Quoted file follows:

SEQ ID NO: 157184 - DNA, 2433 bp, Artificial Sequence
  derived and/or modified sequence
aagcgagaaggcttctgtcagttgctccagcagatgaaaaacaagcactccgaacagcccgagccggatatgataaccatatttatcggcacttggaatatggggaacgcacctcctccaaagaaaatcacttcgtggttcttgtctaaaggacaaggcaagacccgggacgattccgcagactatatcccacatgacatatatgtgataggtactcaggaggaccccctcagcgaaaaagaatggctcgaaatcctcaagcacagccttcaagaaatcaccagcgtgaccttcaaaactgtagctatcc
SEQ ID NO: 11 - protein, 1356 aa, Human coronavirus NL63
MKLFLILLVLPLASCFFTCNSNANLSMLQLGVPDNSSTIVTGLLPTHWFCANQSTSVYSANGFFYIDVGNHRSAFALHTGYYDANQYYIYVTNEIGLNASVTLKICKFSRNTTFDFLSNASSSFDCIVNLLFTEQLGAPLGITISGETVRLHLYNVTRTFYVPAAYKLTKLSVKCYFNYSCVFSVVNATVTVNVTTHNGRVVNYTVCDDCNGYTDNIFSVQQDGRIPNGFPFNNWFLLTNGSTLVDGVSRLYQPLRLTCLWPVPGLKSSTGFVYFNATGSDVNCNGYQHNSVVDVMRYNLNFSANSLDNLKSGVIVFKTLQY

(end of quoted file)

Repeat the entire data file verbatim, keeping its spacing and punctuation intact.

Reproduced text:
SEQ ID NO: 157184 - DNA, 2433 bp, Artificial Sequence
  derived and/or modified sequence
aagcgagaaggcttctgtcagttgctccagcagatgaaaaacaagcactccgaacagcccgagccggatatgataaccatatttatcggcacttggaatatggggaacgcacctcctccaaagaaaatcacttcgtggttcttgtctaaaggacaaggcaagacccgggacgattccgcagactatatcccacatgacatatatgtgataggtactcaggaggaccccctcagcgaaaaagaatggctcgaaatcctcaagcacagccttcaagaaatcaccagcgtgaccttcaaaactgtagctatcc
SEQ ID NO: 11 - protein, 1356 aa, Human coronavirus NL63
MKLFLILLVLPLASCFFTCNSNANLSMLQLGVPDNSSTIVTGLLPTHWFCANQSTSVYSANGFFYIDVGNHRSAFALHTGYYDANQYYIYVTNEIGLNASVTLKICKFSRNTTFDFLSNASSSFDCIVNLLFTEQLGAPLGITISGETVRLHLYNVTRTFYVPAAYKLTKLSVKCYFNYSCVFSVVNATVTVNVTTHNGRVVNYTVCDDCNGYTDNIFSVQQDGRIPNGFPFNNWFLLTNGSTLVDGVSRLYQPLRLTCLWPVPGLKSSTGFVYFNATGSDVNCNGYQHNSVVDVMRYNLNFSANSLDNLKSGVIVFKTLQY